• Dark Chronicle: The Firbits are half the size of the protagonists, addicted to grape juice, and their eyes are always covered with hair or glasses. While relatively mature, they have a habit of lapsing into childish responses, not unlike the Moon Folk from the previous game.
  • Everquest II has a vast array of little folks for players to take on, including five races (Fae, Arasai, Froglok, Gnome and Ratonga) who are half the height of humans or less!
  • Final Fantasy:
  • Granblue Fantasy has the Harvins. They're about half the height of a human adult, with Pointy Ears and childlike faces even as adults. They're portrayed as having a natural affinity for magic and academics though they're no slouches when it comes to weapons.
  • League of Legends: The yordles are short humanoids who come in a number of variants; some are furry and animal-like, such as Teemo and Rumble, while others are more like small humans, such as Corki and Poppy.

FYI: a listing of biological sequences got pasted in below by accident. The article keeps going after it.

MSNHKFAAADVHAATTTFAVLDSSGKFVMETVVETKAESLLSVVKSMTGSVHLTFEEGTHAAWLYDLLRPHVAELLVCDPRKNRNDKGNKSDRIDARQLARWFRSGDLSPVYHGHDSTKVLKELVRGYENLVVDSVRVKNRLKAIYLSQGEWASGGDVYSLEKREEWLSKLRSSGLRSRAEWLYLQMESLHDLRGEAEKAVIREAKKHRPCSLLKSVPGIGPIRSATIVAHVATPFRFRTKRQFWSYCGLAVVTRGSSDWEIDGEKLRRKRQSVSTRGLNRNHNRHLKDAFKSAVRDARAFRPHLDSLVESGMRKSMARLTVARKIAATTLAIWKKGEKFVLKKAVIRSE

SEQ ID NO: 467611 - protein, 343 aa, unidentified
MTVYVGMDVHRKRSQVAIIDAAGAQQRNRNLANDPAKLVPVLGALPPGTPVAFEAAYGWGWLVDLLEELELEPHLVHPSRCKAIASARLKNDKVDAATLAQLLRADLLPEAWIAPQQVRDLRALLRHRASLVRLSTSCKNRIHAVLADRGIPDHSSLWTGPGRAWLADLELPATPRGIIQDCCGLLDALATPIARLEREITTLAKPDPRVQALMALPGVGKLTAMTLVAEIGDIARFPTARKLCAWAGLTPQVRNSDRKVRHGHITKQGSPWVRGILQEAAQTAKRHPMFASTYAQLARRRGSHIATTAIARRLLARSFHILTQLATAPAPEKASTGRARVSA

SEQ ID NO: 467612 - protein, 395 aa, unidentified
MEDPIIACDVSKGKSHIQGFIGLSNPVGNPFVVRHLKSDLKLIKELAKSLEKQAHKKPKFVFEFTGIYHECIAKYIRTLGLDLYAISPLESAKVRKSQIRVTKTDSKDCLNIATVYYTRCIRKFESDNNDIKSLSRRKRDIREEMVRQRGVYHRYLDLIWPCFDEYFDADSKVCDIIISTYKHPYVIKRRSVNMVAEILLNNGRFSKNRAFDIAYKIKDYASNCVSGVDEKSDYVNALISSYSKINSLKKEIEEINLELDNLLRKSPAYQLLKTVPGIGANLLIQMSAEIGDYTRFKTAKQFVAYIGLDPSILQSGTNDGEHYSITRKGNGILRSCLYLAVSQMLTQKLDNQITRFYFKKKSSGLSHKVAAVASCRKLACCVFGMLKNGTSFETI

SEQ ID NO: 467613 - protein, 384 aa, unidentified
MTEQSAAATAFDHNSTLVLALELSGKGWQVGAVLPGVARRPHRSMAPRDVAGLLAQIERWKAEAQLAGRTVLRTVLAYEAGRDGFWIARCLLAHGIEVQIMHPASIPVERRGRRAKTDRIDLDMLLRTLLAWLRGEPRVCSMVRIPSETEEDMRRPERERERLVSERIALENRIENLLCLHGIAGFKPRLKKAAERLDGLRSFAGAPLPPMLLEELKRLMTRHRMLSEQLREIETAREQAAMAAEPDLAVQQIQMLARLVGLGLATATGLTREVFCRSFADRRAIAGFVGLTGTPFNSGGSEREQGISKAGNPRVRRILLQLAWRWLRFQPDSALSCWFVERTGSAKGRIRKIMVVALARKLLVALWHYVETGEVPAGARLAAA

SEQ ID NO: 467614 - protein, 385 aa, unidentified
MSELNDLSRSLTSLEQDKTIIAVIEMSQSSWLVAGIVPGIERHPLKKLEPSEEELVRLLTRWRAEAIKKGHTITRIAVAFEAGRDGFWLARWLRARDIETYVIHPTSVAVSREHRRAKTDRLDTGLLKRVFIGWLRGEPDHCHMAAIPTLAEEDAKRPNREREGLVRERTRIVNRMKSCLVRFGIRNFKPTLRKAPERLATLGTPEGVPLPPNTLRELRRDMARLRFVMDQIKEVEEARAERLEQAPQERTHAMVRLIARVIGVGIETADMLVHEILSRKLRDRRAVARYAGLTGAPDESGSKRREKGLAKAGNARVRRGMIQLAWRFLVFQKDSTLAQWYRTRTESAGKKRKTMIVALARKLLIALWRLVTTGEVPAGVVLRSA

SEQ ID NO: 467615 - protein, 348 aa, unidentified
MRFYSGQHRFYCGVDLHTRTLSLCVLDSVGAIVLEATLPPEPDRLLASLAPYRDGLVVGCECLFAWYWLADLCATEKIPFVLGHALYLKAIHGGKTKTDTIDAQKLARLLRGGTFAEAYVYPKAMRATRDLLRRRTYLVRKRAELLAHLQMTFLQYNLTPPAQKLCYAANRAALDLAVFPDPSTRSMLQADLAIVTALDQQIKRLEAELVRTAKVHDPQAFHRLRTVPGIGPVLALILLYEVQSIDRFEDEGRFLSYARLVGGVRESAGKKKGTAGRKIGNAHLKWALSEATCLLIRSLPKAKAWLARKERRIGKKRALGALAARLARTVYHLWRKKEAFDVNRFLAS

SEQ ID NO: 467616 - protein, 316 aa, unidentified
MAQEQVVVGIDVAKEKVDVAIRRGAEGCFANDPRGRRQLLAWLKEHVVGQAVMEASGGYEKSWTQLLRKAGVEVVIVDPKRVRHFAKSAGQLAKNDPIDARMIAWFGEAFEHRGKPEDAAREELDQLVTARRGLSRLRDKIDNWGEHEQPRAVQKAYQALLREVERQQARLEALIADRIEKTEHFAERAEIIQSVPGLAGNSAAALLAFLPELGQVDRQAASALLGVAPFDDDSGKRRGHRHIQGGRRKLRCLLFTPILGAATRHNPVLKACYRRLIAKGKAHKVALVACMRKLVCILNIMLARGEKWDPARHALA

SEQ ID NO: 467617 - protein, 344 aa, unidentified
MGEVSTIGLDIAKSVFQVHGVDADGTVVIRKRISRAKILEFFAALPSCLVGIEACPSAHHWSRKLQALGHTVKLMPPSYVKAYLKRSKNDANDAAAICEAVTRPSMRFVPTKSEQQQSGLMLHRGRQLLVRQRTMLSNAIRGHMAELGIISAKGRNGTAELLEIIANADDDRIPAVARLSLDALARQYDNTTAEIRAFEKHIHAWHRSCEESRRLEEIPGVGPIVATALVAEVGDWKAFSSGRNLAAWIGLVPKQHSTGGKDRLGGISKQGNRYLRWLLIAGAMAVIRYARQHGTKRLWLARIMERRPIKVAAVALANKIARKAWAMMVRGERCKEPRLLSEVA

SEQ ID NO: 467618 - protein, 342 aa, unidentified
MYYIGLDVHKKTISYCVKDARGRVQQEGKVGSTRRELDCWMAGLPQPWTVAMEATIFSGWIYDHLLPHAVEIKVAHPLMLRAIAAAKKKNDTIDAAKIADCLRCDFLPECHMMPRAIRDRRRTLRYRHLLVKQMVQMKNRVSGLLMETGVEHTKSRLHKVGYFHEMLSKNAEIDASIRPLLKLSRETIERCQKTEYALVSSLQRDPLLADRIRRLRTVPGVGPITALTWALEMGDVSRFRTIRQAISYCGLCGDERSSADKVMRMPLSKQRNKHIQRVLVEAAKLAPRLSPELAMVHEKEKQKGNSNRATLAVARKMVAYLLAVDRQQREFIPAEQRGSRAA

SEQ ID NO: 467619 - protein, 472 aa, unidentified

• The Legend of Zelda: The Minish Cap gives you the titular Minish. Your hat / Exposition Fairy who is a Minish himself, cursed by the Big Bad into said hat form also doubles as a way to shrink down to their size, thereby enabling interaction with them.
  • Warcraft has gnomes and dwarves as its Little People. Also goblins, but their only comic trait is their tendency to make things go boom. The Battle for Azeroth expansion adds the Fox Folk Vulpera, based on Fennec Foxes.
  • Whateley Universe: Koehnes (and the race of Sidhe she's from). She has just showed up on campus and set herself as servant to Fey despite the fact that Fey has a roommate and lives in a dorm.

Web Original

  • Lucky Day Forever: The Proles. This trope is used to show that they are the lower class of a society ruled by tall, rich Whites.

Western Animation

  • Amphibia: Frogs are larger than their Earth counterparts, but still only a few feet tall. Even a pre-teen human girl like Anne towers over most of them. Newts and toads are bigger, but still generally shorter than adult humans (though the latter are often larger overall because they're so stocky). Olms and giant salamanders are genuinely enormous even compared to humans.
  • Steven Universe: Several of the gem castes are about the size of young children, including Rubies, Sapphires, Peridots (at least the ones made in Era 2), Aquamarines, and Larimars. A few are even smaller.

Alternative Title(s): Little Person